Can Ocean Optimism Save our Seas?
After more than 30 years of studying the diversity and conservation of life in the ocean, Nancy Knowlton sees both the dangers and the reasons for hope.
- Nancy Knowlton, a marine scientist from the Smithsonian’s National Museum of Natural History, opens her talk by clarifying that we don’t live on “Planet Earth,” instead it would be more accurate to say we live on “Planet Ocean.” This is because 70% of the globe is covered by ocean water, and 95% of what she describes as “habitable real estate” on the planet is in the water, since the oceans are so deep. What do you make of this idea? Do those percentages surprise you?
- Knowlton talks about the changes that are happening to our oceans and what this means for the future. She shows headlines regarding overfishing, water pollution, rising water temperatures, etc., and summarizes that while we once thought that the ocean was too big to harm, we now think the problems it faces are “too big to fix.” What do you think she means by this? Is this how you think about the ocean? What are other examples of problems that seem overwhelming and daunting – or even too challenging – to fix?
- Knowlton contrasts an underwater environment that is a “desert” with no fish and dying coral to an underwater paradise, where lots of species are thriving. She explains that all that is needed to keep underwater environments healthy is clean water and plenty of fish, which gives these underwater habitats “resilience.” What does resilience mean in this context? What are other examples of resilience, both in nature and in people?
- Knowlton makes a distinction between “rocket science” solutions for climate change and practical, straightforward solutions for preserving marine environments. What do you think she means by this distinction? Do you agree that protecting against overfishing and against water pollution are achievable solutions? Why do you think Knowlton makes the distinction in the first place?
- As an example of success in ocean species preservation, Knowlton describes the threat to the world’s shark population. She goes on to explain how we’re approaching a “tipping point” and the threat is slowly being diminished due to the changing perception of shark hunting and a better understanding of the economics of keeping sharks alive to benefit and sustain tourist economies. What do you think of these examples? Do they make sense to you? Can you think of examples of other species that were hunted to near-extinction and are now bouncing back?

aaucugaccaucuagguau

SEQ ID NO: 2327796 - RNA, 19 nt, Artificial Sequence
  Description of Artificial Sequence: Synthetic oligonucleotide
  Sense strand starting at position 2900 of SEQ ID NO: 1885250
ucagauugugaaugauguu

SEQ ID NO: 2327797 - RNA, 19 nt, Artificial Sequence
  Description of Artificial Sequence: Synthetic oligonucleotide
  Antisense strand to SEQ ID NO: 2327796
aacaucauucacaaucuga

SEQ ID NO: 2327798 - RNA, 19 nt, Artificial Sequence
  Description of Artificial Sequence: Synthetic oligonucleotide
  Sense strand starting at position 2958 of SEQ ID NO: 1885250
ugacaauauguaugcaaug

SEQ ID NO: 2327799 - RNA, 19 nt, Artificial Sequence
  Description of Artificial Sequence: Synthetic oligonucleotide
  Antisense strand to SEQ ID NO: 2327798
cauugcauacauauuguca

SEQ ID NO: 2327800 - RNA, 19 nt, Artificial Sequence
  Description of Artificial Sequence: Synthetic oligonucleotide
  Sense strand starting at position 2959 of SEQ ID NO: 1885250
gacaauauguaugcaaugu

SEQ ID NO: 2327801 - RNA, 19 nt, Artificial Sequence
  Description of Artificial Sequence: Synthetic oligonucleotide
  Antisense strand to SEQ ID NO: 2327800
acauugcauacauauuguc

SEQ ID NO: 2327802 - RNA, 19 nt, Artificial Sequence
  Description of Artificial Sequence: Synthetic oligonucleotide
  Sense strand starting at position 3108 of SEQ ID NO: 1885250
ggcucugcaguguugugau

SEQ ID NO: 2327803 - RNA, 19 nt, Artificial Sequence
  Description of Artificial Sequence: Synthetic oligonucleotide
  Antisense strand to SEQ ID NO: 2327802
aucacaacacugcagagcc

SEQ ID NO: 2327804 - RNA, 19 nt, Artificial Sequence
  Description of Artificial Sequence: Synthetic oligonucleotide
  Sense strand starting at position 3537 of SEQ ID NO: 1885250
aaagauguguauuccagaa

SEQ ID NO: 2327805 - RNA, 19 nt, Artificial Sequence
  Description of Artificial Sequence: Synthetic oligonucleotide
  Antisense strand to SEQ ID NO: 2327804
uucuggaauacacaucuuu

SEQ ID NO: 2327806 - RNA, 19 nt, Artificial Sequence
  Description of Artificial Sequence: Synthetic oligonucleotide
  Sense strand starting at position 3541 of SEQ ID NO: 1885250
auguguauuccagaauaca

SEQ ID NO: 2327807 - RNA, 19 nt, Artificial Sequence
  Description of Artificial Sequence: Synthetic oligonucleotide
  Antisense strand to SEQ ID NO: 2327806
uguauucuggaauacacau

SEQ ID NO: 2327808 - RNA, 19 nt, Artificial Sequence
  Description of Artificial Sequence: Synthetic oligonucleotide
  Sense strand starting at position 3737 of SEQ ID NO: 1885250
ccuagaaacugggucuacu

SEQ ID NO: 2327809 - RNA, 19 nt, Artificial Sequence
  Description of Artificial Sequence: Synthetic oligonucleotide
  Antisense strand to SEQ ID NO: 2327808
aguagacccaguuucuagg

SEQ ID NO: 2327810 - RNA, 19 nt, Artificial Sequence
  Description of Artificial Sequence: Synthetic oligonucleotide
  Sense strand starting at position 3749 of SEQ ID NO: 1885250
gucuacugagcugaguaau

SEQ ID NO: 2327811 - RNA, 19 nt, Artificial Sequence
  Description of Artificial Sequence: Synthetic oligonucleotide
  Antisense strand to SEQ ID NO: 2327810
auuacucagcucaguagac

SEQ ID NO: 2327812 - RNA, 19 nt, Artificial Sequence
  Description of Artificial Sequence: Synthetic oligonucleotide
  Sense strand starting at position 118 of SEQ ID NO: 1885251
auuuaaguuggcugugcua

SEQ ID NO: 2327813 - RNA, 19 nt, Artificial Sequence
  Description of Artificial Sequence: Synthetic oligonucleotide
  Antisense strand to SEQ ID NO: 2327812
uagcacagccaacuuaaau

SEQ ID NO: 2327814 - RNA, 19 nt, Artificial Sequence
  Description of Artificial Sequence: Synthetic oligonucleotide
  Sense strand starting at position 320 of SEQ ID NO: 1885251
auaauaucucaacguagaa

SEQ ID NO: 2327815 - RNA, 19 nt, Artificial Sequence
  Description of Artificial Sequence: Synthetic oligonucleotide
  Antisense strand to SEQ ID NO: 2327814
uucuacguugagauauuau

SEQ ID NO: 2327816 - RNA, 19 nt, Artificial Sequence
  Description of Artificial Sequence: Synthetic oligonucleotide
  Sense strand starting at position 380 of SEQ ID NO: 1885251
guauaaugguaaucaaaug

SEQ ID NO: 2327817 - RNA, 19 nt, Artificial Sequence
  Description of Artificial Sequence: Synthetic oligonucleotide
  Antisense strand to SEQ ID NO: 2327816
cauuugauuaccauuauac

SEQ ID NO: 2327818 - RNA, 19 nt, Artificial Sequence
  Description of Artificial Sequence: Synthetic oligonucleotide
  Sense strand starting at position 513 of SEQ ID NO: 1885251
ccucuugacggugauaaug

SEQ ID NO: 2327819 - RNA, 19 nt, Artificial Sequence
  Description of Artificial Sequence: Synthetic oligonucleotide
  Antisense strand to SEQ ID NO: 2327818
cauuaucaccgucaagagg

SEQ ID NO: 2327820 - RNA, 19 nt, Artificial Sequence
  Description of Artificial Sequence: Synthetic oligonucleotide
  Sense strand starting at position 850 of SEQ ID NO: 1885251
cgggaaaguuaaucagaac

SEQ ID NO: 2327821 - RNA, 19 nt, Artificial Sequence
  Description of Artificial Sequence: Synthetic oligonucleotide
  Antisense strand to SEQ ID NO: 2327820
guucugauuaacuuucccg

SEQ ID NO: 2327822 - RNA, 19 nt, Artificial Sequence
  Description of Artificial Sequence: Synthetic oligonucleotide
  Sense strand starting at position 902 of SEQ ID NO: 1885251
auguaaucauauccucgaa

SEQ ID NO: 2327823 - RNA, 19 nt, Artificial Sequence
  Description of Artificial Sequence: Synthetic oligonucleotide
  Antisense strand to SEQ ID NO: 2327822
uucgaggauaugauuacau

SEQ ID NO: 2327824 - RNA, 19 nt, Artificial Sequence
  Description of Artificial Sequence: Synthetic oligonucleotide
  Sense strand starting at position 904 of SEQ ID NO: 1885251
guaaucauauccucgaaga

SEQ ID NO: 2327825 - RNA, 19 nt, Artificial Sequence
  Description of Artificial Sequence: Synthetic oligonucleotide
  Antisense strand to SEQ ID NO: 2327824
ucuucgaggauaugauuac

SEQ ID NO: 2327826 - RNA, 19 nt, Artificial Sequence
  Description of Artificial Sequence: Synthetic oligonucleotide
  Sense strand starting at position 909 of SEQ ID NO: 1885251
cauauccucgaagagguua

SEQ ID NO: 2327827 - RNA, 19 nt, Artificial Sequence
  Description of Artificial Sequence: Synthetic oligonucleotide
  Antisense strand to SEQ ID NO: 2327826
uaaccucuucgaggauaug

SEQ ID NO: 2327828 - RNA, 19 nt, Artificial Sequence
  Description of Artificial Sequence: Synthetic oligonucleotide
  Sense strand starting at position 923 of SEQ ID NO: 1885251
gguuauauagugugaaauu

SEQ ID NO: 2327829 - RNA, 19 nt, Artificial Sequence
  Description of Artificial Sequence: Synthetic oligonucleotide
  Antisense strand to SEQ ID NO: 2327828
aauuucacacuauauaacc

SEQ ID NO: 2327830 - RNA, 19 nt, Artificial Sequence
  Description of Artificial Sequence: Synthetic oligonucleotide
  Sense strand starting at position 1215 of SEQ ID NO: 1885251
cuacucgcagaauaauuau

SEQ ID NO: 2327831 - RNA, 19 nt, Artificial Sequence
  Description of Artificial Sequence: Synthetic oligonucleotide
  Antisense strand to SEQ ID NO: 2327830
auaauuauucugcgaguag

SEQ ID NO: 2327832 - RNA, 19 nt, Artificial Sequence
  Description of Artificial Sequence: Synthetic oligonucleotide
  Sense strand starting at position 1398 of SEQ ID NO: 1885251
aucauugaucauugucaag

- Knowlton, in providing other examples of how human intervention saved animal species at risk of extinction, makes the statement that “history matters.” What do you think she means? What examples from the past serve as inspiration today to make positive change?
- Knowlton talks about how positive changes such as collecting plastic waste from the ocean and replacing plastic in our human economies with biodegradable alternatives is all so important when helping save marine life. However, she doesn’t go into much detail regarding why plastic is so dangerous to ocean environments. What do you know about this topic? What are some of the reasons why plastic is harmful to the ocean and ocean species? What are some actions you can take at home or in your local community to reduce the amount of waste produced and better the environment?
- Knowlton encourages people to participate in “Ocean Optimism,” an online social media movement. What do you think of this movement and her position that stories of success motivate people to care more about the ocean than stories of doom would? How do personal stories or experiences contribute to a social movement and encourage positive change? Do you think social media is a powerful or particularly effective tool for a movement like this one?
This video exists as part of a series gathered around the theme of Environment & STEM. Other videos in this series are listed below.